CFP: Islamophobia and Eroding Civil Society

Oct 10, 2015 | All Day Event

UC Berkeley, Center for Race and Gender
Islamophobia Research and Documentation Project

Call for Papers

Islamophobia and Eroding Civil Society
Paris, France

ABSTRACTS DUE: October 10, 2015
CONFERENCE DATE: December 11, 2015

IREMMO
7, rue des Carmes
Paris 75006

The January 7th terrorist attacks in France have renewed the singular focus on the Muslim subject, as the contemporary other and the site of constructing an imagined, ideal, static and ahistorical French political, social and religious identity. In this context, the attacks served to affirm Muslim otherness, difference and uncivilized characteristics while unleashing an avalanche of racist, essentialist and xenophobic attacks from all sides of the political spectrum. Rather than viewing the attacks as the work of terrorists, the political leadership opted to problematize the Muslims, as a group, and sought to institute measures to restrict political and religious expressions and narrowing the scope of civil society for French Muslims.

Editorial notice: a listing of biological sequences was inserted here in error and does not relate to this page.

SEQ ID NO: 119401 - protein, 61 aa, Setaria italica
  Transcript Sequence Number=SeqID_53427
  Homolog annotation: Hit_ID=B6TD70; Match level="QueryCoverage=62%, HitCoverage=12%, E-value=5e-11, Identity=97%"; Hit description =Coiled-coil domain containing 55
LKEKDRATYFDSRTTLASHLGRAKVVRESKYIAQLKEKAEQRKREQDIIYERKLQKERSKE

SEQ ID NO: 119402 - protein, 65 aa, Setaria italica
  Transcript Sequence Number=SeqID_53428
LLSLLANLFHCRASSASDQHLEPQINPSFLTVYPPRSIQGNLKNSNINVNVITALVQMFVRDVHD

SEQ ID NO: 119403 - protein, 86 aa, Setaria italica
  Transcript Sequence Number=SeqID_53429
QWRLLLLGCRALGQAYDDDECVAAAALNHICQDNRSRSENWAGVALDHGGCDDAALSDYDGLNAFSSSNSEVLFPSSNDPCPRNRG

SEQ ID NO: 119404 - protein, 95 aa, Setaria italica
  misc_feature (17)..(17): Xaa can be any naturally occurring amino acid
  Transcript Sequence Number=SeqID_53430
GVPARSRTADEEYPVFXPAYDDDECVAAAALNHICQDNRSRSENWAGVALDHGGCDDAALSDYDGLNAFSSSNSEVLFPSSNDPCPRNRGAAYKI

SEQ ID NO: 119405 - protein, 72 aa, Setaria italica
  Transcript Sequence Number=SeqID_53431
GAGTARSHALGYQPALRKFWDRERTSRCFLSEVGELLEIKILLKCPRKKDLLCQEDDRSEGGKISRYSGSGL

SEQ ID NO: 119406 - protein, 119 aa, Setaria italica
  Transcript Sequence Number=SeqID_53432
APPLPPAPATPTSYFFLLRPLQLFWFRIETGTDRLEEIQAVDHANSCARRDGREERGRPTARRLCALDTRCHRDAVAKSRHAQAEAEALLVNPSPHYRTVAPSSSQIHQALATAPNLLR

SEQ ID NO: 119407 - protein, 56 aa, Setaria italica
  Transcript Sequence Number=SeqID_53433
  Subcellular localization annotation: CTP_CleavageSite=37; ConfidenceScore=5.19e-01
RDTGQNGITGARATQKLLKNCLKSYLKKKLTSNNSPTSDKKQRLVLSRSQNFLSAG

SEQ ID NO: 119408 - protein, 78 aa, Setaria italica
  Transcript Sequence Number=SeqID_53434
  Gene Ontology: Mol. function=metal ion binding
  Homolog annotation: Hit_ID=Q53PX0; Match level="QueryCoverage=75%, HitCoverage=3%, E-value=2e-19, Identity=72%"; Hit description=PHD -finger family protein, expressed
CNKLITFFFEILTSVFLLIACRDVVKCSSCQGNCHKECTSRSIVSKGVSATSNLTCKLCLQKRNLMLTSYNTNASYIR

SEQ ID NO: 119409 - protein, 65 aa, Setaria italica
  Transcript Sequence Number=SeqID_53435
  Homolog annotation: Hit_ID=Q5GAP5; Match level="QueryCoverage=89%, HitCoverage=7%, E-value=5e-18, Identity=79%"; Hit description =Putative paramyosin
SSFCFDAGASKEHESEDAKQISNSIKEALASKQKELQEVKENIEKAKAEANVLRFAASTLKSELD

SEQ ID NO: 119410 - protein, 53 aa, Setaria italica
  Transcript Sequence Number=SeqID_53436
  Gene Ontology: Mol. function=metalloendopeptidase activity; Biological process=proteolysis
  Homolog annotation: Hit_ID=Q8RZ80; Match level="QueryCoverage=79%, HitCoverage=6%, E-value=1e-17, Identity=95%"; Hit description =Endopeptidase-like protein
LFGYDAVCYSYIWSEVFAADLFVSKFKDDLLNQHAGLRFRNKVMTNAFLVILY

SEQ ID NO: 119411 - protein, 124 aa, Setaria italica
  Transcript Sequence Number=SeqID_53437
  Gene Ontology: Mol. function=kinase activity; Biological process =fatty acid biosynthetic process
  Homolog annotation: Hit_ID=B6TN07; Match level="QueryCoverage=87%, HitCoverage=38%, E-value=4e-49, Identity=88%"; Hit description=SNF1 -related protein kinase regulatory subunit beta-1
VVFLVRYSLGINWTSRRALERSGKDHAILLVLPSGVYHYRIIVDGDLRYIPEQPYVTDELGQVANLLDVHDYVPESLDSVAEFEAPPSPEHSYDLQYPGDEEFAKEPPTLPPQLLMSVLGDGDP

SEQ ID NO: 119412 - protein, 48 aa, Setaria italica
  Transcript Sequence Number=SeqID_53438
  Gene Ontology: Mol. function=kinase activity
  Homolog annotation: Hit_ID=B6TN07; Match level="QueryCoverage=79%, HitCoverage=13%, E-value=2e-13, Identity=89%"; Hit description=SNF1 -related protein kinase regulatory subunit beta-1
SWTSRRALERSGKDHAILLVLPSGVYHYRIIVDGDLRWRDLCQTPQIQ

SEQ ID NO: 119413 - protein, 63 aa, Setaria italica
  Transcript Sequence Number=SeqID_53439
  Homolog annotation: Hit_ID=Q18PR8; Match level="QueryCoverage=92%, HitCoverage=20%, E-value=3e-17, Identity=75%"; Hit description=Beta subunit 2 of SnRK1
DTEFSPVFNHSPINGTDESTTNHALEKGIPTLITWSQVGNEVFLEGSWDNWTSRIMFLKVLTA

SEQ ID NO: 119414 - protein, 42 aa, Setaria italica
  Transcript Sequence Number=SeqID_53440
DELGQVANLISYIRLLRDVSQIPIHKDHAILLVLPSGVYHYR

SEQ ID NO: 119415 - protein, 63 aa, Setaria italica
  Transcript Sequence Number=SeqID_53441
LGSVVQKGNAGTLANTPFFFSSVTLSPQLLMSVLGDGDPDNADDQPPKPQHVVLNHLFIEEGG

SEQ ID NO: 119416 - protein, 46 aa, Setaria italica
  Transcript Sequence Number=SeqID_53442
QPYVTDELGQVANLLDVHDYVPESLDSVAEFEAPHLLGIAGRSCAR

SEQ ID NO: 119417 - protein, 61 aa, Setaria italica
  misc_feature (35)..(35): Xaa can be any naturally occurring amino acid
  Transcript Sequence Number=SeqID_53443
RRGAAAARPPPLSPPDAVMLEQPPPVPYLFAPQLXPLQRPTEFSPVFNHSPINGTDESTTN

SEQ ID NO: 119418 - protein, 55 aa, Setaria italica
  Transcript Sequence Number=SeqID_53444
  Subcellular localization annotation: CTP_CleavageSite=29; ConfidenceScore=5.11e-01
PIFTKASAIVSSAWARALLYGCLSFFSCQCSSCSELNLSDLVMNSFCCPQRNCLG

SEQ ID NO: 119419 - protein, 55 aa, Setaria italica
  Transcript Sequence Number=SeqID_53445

Furthermore, the approval of the British Counter-Terrorism and Security Bill law and the extreme measures taken in France including the detention of Muslim children into police custody for interrogation and targeting modest modes of dress has eroded the already battered edifice of civil liberties. We begin to see the descent into a “police state”. Islamophobia in France is now coming out with a force not only to justify and bring votes to extreme right parties but also to justify violation of civil rights and elimination of civil liberties. This affects not only Muslim citizens but in due time all citizens are effected. We would like to explore in this conference four panels that merit a careful attention in Western Europe today:

1) The relationship between islamophobia and the erosion of citizenship rights.
2) The relationship between islamophobia and the rise of the extreme right.
3) The relationship between islamophobia and the emergence of “police state” structures.
4) The relationship between islamophobia and Muslim self-internalized otherization in the context of living as targeted minorities.

October 10th , 2015: A 300 word abstract and a short bio in a paragraph form that is no more than 100 words. Send the abstract to Dr. Hatem Bazian at hatemb@berkeley.edu
October 15th: Invited Papers will be informed
October 22nd: Response needed for accepting the invite to participate
December 1st: Papers are due for all participants.

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